Suicide is not a joke

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Ryan Donlin

Tragically, near the end of the summer, famous comedian and overall harbinger of joy Robin Williams passed away with what has since been ruled as a suicide.

My initial thoughts were confused and distraught over the fact that such a caring and seemingly full of life human being could be so depressed that he would cut his remarkably successful life short. I instantly thought of the movies he’s been in and the stand up shows and improvisational skits that had me guffawing in laughter unlike any other person.

As more details surfaced of the story, it began to look remarkably similar to another acting giant who passed away a few months earlier, Philip Seymour Hoffman. Both, it seems, were struggling with drug and alcohol addictions, while retaining their relatively normal lives on the surface. About a month before his death, Williams had checked into rehab for an alcohol addiction. Always remarkably candid about his life, Williams often talked about his problems, but did so in such a humorous and endearing way that many people, including myself, did not take them very seriously.

Although incredibly tragic, Robin Williams’ case is hardly a new phenomenon in the realm of celebrity and in Hollywood. Countless stars have succumbed to the pressures of stardom and resorted to drugs or other illegal and dangerous stimulants in order to somehow pacify the voices screaming at them to succeed, no matter what the cost.

This unfortunate occupational hazard is somewhat more widespread in the realm of comedy among a variety of comic personalities. It’s quite a paradox that people whose main job description includes making people laugh should be some of the most common recipients of depression and substance abuse.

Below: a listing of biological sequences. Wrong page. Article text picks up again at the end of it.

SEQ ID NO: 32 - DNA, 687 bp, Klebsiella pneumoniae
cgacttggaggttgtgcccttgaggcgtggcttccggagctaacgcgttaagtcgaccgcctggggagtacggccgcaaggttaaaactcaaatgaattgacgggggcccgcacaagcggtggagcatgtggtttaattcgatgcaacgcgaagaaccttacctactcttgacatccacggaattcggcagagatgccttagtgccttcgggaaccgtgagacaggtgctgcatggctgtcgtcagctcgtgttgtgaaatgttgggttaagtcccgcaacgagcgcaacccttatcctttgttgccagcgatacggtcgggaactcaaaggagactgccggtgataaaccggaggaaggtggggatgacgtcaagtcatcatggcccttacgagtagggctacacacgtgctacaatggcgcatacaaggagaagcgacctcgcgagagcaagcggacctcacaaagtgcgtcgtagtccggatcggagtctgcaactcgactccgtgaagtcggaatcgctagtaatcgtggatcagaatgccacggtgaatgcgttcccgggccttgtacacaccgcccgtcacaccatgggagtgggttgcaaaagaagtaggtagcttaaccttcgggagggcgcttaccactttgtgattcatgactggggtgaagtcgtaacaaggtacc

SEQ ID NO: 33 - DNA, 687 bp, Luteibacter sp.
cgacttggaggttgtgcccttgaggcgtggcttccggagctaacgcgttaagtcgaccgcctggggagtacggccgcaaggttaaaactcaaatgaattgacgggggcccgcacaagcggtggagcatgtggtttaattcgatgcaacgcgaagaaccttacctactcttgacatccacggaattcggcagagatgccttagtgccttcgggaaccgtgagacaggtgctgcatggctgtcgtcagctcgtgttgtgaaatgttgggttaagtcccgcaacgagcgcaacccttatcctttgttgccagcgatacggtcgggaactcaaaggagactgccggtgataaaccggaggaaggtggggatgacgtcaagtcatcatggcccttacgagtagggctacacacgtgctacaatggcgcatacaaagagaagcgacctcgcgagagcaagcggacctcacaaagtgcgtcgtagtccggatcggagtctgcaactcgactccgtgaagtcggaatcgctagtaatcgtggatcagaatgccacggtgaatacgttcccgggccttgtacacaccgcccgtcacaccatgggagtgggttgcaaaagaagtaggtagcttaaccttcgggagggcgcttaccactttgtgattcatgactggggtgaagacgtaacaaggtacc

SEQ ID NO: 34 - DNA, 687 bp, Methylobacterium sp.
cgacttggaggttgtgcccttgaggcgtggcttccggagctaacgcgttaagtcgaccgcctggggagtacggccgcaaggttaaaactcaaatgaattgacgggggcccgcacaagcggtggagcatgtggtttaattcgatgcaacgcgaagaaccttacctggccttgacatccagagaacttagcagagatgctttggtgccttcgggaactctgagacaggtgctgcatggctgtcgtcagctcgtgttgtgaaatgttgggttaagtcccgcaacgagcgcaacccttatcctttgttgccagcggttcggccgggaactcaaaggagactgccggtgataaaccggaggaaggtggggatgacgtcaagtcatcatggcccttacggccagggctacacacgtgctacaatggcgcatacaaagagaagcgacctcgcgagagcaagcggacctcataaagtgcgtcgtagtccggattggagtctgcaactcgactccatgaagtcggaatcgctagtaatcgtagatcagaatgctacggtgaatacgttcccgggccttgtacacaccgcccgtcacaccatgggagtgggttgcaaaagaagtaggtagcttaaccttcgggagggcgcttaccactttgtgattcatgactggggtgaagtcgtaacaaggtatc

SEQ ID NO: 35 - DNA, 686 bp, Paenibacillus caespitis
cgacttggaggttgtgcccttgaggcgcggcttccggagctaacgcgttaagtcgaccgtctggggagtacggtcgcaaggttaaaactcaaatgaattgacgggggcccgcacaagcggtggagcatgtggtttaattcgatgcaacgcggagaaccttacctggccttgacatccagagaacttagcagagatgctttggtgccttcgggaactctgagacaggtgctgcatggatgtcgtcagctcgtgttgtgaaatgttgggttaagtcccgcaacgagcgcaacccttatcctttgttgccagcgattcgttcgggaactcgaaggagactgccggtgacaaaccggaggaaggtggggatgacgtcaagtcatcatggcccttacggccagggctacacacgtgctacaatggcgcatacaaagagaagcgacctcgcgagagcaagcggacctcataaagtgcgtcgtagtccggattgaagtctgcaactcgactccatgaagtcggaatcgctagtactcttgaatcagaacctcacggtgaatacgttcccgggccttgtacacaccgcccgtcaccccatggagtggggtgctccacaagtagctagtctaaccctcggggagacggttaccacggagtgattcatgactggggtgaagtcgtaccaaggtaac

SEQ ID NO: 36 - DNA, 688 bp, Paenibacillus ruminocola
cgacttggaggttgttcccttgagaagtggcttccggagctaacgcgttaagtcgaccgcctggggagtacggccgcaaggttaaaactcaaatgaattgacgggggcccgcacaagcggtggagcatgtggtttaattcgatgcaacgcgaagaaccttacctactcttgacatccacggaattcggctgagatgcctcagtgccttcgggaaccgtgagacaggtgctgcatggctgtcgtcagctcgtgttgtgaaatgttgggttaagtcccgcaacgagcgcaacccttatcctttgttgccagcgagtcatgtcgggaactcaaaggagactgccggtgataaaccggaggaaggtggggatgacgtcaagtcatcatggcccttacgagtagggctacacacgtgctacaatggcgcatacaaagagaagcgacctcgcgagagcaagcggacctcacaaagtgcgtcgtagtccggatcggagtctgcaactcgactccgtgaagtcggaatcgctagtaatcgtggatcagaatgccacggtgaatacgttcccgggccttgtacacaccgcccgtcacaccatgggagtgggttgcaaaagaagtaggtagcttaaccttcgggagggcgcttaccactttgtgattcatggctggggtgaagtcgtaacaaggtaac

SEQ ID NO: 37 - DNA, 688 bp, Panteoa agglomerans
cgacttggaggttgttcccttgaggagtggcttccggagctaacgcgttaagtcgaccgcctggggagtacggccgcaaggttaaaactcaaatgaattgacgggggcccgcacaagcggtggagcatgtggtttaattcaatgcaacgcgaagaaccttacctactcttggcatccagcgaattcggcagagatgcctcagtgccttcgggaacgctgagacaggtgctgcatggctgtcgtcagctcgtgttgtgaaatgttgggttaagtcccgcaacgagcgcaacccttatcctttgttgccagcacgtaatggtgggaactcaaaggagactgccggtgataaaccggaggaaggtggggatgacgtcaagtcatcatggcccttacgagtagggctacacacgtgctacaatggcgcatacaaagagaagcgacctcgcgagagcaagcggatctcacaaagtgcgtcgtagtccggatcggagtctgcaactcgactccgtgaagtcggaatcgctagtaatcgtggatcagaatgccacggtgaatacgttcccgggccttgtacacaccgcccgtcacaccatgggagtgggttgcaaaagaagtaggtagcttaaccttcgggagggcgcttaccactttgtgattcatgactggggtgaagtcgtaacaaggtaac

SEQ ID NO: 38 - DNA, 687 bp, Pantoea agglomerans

In a Rolling Stone article written about Williams by fellow comedian Dana Gould, he attempts to shed some light on this issue among comedians, and states that he knew five comedians personally that ended up committing suicide, Williams included. He says that most successful comedians are people with overactive imaginations, people that dwell on all kinds of different scenarios that they encounter in their lives in order to glean great comedy routines from these situations. Gould explains that as a kid, he was not only hyperactive, but also constantly anxious. The only way he could battle this anxiety was by becoming extremely talkative and using humor to keep his mind from focusing on these negative aspects.

While these methods may work for a while, comedians like Williams may eventually get caught up in their own bouts of anxiety without anyone to talk to, because the world expects comedians to be consistently funny and put together inside and out. If you see a comedian at a party, chances are you’ll expect him or her to say something funny for your amusement.

The one thing I think many of us forget is that comedians are people, too, and like most people, don’t want to work 24/7. Imagine if someone were to ask someone with a stressful 9-5 job to do their job past the time they are working. When people aren’t working, they like to focus on other aspects of their life.

So, when we are remembering Robin Williams for all of the wonderful things he has done not only for comedy, but for society’s happiness in general, remember that people like him are people, too.